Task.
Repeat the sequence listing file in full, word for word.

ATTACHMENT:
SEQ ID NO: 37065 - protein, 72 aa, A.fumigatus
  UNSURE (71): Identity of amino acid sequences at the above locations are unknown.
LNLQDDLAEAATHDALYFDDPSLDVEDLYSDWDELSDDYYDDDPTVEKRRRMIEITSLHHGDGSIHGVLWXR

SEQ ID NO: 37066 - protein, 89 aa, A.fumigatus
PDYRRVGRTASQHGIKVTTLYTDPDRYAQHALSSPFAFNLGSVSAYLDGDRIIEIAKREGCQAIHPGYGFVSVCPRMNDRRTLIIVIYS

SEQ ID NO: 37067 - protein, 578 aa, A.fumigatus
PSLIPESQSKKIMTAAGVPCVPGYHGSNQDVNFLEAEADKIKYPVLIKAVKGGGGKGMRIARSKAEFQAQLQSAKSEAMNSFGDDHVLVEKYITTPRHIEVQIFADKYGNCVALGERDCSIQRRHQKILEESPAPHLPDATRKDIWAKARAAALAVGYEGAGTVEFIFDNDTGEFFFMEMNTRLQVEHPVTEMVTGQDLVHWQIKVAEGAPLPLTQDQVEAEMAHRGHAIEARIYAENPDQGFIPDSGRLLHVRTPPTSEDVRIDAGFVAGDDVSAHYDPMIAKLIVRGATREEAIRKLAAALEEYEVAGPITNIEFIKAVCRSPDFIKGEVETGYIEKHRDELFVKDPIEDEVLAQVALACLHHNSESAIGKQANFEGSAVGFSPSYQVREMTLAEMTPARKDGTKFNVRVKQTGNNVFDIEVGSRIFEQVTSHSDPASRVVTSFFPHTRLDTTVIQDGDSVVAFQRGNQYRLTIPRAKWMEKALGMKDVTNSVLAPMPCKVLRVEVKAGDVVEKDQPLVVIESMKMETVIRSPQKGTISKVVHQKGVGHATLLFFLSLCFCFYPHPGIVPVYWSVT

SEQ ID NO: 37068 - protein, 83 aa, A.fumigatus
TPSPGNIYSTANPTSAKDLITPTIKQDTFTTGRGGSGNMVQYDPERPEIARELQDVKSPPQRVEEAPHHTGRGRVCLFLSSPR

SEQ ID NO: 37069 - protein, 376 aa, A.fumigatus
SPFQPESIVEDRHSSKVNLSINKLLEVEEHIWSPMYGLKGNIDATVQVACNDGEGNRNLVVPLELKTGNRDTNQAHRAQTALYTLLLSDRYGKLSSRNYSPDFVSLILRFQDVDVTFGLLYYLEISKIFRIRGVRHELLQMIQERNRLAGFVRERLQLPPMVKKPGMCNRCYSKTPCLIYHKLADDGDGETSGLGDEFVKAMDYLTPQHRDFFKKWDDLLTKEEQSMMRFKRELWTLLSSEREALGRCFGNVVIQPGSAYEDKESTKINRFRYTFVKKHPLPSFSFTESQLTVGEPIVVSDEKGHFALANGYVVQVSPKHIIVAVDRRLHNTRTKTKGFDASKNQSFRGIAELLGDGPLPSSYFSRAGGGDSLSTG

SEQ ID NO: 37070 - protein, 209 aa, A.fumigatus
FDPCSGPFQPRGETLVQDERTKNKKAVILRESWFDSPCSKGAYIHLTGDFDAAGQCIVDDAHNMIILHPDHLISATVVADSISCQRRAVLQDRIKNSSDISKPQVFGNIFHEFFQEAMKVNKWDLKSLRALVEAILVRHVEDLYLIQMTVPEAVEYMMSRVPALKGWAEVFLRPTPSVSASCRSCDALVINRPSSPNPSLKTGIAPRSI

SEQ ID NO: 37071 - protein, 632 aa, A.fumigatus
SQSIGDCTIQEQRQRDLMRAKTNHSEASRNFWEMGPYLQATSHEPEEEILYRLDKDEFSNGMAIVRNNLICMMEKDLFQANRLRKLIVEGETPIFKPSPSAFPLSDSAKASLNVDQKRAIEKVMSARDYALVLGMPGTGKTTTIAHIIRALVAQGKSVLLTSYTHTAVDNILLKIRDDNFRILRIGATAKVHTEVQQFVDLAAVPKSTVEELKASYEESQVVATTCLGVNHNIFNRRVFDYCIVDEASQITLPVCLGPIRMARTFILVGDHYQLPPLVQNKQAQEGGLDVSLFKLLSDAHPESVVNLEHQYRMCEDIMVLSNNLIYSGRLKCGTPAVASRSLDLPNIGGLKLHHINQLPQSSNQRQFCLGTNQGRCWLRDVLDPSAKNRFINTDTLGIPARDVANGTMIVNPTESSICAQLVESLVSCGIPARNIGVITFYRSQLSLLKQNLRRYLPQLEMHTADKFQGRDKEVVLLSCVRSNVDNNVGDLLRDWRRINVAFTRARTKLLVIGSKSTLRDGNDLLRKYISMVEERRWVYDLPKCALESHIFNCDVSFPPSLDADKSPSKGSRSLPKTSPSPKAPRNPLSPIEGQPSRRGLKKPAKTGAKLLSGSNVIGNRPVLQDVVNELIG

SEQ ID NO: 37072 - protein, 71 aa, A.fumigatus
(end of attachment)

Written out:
SEQ ID NO: 37065 - protein, 72 aa, A.fumigatus
  UNSURE (71): Identity of amino acid sequences at the above locations are unknown.
LNLQDDLAEAATHDALYFDDPSLDVEDLYSDWDELSDDYYDDDPTVEKRRRMIEITSLHHGDGSIHGVLWXR

SEQ ID NO: 37066 - protein, 89 aa, A.fumigatus
PDYRRVGRTASQHGIKVTTLYTDPDRYAQHALSSPFAFNLGSVSAYLDGDRIIEIAKREGCQAIHPGYGFVSVCPRMNDRRTLIIVIYS

SEQ ID NO: 37067 - protein, 578 aa, A.fumigatus
PSLIPESQSKKIMTAAGVPCVPGYHGSNQDVNFLEAEADKIKYPVLIKAVKGGGGKGMRIARSKAEFQAQLQSAKSEAMNSFGDDHVLVEKYITTPRHIEVQIFADKYGNCVALGERDCSIQRRHQKILEESPAPHLPDATRKDIWAKARAAALAVGYEGAGTVEFIFDNDTGEFFFMEMNTRLQVEHPVTEMVTGQDLVHWQIKVAEGAPLPLTQDQVEAEMAHRGHAIEARIYAENPDQGFIPDSGRLLHVRTPPTSEDVRIDAGFVAGDDVSAHYDPMIAKLIVRGATREEAIRKLAAALEEYEVAGPITNIEFIKAVCRSPDFIKGEVETGYIEKHRDELFVKDPIEDEVLAQVALACLHHNSESAIGKQANFEGSAVGFSPSYQVREMTLAEMTPARKDGTKFNVRVKQTGNNVFDIEVGSRIFEQVTSHSDPASRVVTSFFPHTRLDTTVIQDGDSVVAFQRGNQYRLTIPRAKWMEKALGMKDVTNSVLAPMPCKVLRVEVKAGDVVEKDQPLVVIESMKMETVIRSPQKGTISKVVHQKGVGHATLLFFLSLCFCFYPHPGIVPVYWSVT

SEQ ID NO: 37068 - protein, 83 aa, A.fumigatus
TPSPGNIYSTANPTSAKDLITPTIKQDTFTTGRGGSGNMVQYDPERPEIARELQDVKSPPQRVEEAPHHTGRGRVCLFLSSPR

SEQ ID NO: 37069 - protein, 376 aa, A.fumigatus
SPFQPESIVEDRHSSKVNLSINKLLEVEEHIWSPMYGLKGNIDATVQVACNDGEGNRNLVVPLELKTGNRDTNQAHRAQTALYTLLLSDRYGKLSSRNYSPDFVSLILRFQDVDVTFGLLYYLEISKIFRIRGVRHELLQMIQERNRLAGFVRERLQLPPMVKKPGMCNRCYSKTPCLIYHKLADDGDGETSGLGDEFVKAMDYLTPQHRDFFKKWDDLLTKEEQSMMRFKRELWTLLSSEREALGRCFGNVVIQPGSAYEDKESTKINRFRYTFVKKHPLPSFSFTESQLTVGEPIVVSDEKGHFALANGYVVQVSPKHIIVAVDRRLHNTRTKTKGFDASKNQSFRGIAELLGDGPLPSSYFSRAGGGDSLSTG

SEQ ID NO: 37070 - protein, 209 aa, A.fumigatus
FDPCSGPFQPRGETLVQDERTKNKKAVILRESWFDSPCSKGAYIHLTGDFDAAGQCIVDDAHNMIILHPDHLISATVVADSISCQRRAVLQDRIKNSSDISKPQVFGNIFHEFFQEAMKVNKWDLKSLRALVEAILVRHVEDLYLIQMTVPEAVEYMMSRVPALKGWAEVFLRPTPSVSASCRSCDALVINRPSSPNPSLKTGIAPRSI

SEQ ID NO: 37071 - protein, 632 aa, A.fumigatus
SQSIGDCTIQEQRQRDLMRAKTNHSEASRNFWEMGPYLQATSHEPEEEILYRLDKDEFSNGMAIVRNNLICMMEKDLFQANRLRKLIVEGETPIFKPSPSAFPLSDSAKASLNVDQKRAIEKVMSARDYALVLGMPGTGKTTTIAHIIRALVAQGKSVLLTSYTHTAVDNILLKIRDDNFRILRIGATAKVHTEVQQFVDLAAVPKSTVEELKASYEESQVVATTCLGVNHNIFNRRVFDYCIVDEASQITLPVCLGPIRMARTFILVGDHYQLPPLVQNKQAQEGGLDVSLFKLLSDAHPESVVNLEHQYRMCEDIMVLSNNLIYSGRLKCGTPAVASRSLDLPNIGGLKLHHINQLPQSSNQRQFCLGTNQGRCWLRDVLDPSAKNRFINTDTLGIPARDVANGTMIVNPTESSICAQLVESLVSCGIPARNIGVITFYRSQLSLLKQNLRRYLPQLEMHTADKFQGRDKEVVLLSCVRSNVDNNVGDLLRDWRRINVAFTRARTKLLVIGSKSTLRDGNDLLRKYISMVEERRWVYDLPKCALESHIFNCDVSFPPSLDADKSPSKGSRSLPKTSPSPKAPRNPLSPIEGQPSRRGLKKPAKTGAKLLSGSNVIGNRPVLQDVVNELIG

SEQ ID NO: 37072 - protein, 71 aa, A.fumigatus